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Council sees a changing of the proverbial guard -- Christine Rolfes
Christine Rolfes says she may write a book about her six years on the council dais...
Retiring Councilwoman Christine Rolfes didnt fit the stereotype of the glad-handing, baby-kissing politician when she made a campaign stop on Christopher Snows doorstep.
Her hands were full with little cookies and a sippy cup, and all the baby kissing went to the one slung on her back.
Ive been one of Christines most enthusiastic fans from the first time I met her, said Snow, who was elected to Rolfes seat in November after she declined to run again. She was carrying her young child on one of those slings and walked up my driveway during her door-belling campaign. I was impressed then that she was someone with something to do and that she was going about it in a very active way.
On the council, she became a force moving things forward in a congenial way. Shes a tough act to follow.
Rolfes stood up from her seat behind the dais at City Hall for the last time Wednesday, after six years on the council. Spurred into running for office over growth management, open space and traffic issues, Rolfes feels shes made significant headway in each area.
Im most proud of Pritchard Park and the (Japanese-American) memorial there, she said. Ive seen that project from the beginning and now I get to see the rewards, and thats really gratifying.
Early on, that whole property was zoned for pretty high density, commercial development. Now its a premier, regional park.
Rolfes also looks back on her two terms the second was shortened by redistricting as an opportunity to help shepherd the Open Space Bond, various non-motorized transportation improvements and the Serenity House.
But the most satisfying part of her tenure has been working collaboratively with city staff and the community, she said.
Being on the council gets you out of your circle with an amazing number of interesting people you normally would not get the opportunity to know, she said.
The 13-year island resident and mother of two young daughters is not sure whats next for her, but it seemed that after a half dozen years of public service, it was a good time to move on.
I thought six years was probably good and that theres a lot of people on Bainbridge that could do it while I do something different, she said.
Something different could include a variety of fairly mundane things such as sleeping, cleaning, organizing and exercising, she said, all activities that have fallen by the wayside under a 30-hour council workweek. Or she could do something truly different.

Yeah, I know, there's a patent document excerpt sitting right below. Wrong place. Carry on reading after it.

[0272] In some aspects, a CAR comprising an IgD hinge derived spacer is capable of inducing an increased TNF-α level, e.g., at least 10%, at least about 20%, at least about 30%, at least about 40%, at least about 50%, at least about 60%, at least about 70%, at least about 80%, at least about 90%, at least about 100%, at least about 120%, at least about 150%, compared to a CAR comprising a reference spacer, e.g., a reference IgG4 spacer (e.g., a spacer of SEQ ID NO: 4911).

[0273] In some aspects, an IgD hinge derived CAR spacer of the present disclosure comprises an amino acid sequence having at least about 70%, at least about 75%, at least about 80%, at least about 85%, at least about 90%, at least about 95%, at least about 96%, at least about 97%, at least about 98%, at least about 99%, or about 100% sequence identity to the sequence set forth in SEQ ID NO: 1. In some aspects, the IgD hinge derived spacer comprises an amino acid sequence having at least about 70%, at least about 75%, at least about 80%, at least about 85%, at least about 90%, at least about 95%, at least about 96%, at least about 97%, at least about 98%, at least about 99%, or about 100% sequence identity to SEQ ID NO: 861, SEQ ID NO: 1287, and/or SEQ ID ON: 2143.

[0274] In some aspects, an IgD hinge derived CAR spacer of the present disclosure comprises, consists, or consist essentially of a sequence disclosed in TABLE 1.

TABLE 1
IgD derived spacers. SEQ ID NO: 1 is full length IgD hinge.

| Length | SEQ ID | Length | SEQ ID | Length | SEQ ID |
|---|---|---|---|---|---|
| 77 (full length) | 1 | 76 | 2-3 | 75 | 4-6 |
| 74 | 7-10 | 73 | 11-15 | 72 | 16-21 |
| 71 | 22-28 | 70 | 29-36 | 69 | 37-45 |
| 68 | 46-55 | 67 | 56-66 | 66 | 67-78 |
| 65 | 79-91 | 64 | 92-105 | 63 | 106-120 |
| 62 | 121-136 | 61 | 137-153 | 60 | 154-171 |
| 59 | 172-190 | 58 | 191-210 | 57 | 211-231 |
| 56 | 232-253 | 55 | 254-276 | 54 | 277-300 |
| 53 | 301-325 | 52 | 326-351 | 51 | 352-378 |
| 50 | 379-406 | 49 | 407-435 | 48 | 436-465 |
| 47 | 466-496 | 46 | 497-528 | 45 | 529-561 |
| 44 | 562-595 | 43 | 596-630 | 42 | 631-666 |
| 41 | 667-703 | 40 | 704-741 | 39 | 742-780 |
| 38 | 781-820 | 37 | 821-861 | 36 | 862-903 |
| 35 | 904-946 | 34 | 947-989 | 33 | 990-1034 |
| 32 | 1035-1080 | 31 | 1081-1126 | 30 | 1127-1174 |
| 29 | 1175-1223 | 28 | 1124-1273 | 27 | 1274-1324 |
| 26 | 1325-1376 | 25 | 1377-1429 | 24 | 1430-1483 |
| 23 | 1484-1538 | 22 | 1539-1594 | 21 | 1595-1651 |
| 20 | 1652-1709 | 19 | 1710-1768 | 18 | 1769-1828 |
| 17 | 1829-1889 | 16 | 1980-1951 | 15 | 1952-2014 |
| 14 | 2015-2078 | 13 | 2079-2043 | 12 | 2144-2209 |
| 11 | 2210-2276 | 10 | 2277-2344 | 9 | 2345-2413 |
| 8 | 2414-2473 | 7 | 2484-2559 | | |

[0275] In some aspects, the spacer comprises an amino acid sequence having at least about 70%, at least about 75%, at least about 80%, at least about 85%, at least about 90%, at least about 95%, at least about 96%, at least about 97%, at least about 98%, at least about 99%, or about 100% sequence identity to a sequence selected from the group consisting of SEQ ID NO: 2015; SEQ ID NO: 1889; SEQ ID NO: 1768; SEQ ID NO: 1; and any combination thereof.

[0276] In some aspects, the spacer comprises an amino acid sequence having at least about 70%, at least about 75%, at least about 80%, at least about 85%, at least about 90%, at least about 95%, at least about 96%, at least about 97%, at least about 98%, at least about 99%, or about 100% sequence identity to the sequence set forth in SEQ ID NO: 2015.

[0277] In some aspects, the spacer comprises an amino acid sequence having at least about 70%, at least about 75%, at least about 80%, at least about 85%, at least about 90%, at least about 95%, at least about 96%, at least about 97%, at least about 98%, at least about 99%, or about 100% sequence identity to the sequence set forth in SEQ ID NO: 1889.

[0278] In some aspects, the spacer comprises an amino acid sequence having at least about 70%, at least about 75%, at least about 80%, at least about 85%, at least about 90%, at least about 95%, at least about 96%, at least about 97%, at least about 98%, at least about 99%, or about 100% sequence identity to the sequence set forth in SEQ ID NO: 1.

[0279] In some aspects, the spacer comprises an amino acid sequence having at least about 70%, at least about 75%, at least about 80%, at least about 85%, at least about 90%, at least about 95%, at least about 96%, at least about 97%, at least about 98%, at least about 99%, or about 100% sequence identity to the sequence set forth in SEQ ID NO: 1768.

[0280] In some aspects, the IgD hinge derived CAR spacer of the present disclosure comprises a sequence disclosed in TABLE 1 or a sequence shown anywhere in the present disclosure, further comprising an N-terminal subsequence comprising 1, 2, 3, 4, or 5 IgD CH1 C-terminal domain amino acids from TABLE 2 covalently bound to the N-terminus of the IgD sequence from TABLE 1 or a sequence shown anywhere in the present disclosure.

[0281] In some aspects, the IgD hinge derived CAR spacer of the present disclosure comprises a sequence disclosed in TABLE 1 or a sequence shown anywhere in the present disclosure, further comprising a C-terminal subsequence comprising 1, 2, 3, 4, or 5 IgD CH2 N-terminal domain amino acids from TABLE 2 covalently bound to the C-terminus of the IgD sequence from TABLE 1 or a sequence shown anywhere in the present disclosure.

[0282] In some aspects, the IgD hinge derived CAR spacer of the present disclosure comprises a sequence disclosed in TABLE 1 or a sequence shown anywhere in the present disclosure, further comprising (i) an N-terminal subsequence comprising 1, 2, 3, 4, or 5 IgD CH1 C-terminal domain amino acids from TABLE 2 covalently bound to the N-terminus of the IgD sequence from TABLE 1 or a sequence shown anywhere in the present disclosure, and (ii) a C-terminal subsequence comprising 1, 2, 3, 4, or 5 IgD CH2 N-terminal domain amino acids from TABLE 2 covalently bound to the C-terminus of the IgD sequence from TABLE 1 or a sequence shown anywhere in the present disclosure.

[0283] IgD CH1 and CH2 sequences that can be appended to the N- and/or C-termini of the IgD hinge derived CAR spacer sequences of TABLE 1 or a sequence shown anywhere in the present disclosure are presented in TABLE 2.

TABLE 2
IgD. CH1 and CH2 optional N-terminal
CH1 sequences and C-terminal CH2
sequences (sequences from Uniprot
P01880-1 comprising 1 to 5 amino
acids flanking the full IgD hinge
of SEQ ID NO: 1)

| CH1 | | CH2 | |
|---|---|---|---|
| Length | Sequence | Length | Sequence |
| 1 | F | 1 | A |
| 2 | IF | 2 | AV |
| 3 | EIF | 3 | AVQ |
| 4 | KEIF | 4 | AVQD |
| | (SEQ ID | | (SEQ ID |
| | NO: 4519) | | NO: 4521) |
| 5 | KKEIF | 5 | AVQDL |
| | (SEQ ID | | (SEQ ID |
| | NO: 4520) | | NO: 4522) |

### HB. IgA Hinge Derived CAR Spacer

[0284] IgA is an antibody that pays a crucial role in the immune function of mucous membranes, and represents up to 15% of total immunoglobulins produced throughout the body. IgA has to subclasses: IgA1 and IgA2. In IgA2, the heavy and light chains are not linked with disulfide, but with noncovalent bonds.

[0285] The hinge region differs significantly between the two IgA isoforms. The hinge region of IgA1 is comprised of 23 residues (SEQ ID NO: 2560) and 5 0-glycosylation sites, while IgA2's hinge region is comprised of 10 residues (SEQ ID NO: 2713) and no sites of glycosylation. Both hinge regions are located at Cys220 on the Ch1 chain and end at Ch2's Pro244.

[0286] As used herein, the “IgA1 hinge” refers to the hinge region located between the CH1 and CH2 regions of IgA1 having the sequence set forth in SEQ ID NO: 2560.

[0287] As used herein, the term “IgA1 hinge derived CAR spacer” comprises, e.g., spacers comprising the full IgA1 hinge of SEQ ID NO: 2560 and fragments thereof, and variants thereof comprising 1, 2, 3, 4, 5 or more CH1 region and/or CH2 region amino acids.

I might write a book, she said. Im cleaning out my (council) files but Im keeping some of the highlights because I might do a funny book someday. Theres a lot of entertaining stories that could be told. The roundabout, I think, might make a nice chapter.
Another events that might make it into the book are the slightly trying times of a mom-turned-public official.
Every place they recognize you, and I was always getting stopped and talking to people which is the way it should be, she said. But you always have to have this high-level of energy to deal with a low-level of stress. It was only a few times that people yelled at me in public and only one of the times in the presence of one of my girls. That happened, with my daughter in the cart, at the fish department at T&C over, I think, some neighborhood issue.
But those few instances were an exception to the rule.
I know it sounds clichÃ©, but being involved in the City Council is the one time in my life where, if you wish that something could happen youre actually in the place to make it happen, she said. Im really going to miss that.
Rolfes said shes brushing up her old resume from the days she used to work on Russian trade issues for the federal Agency for International Development but is in no particular rush to take on a new full-time gig.
Right now, I just want to clean out my office and and get some sleep, she said.
But before nodding off, Rolfes wanted to make sure she conveyed one more message directly to the islands residents.
Oh, wait, I want to say one more thing, she said. Thank you Bainbridge, for the opportunity and for trusting me.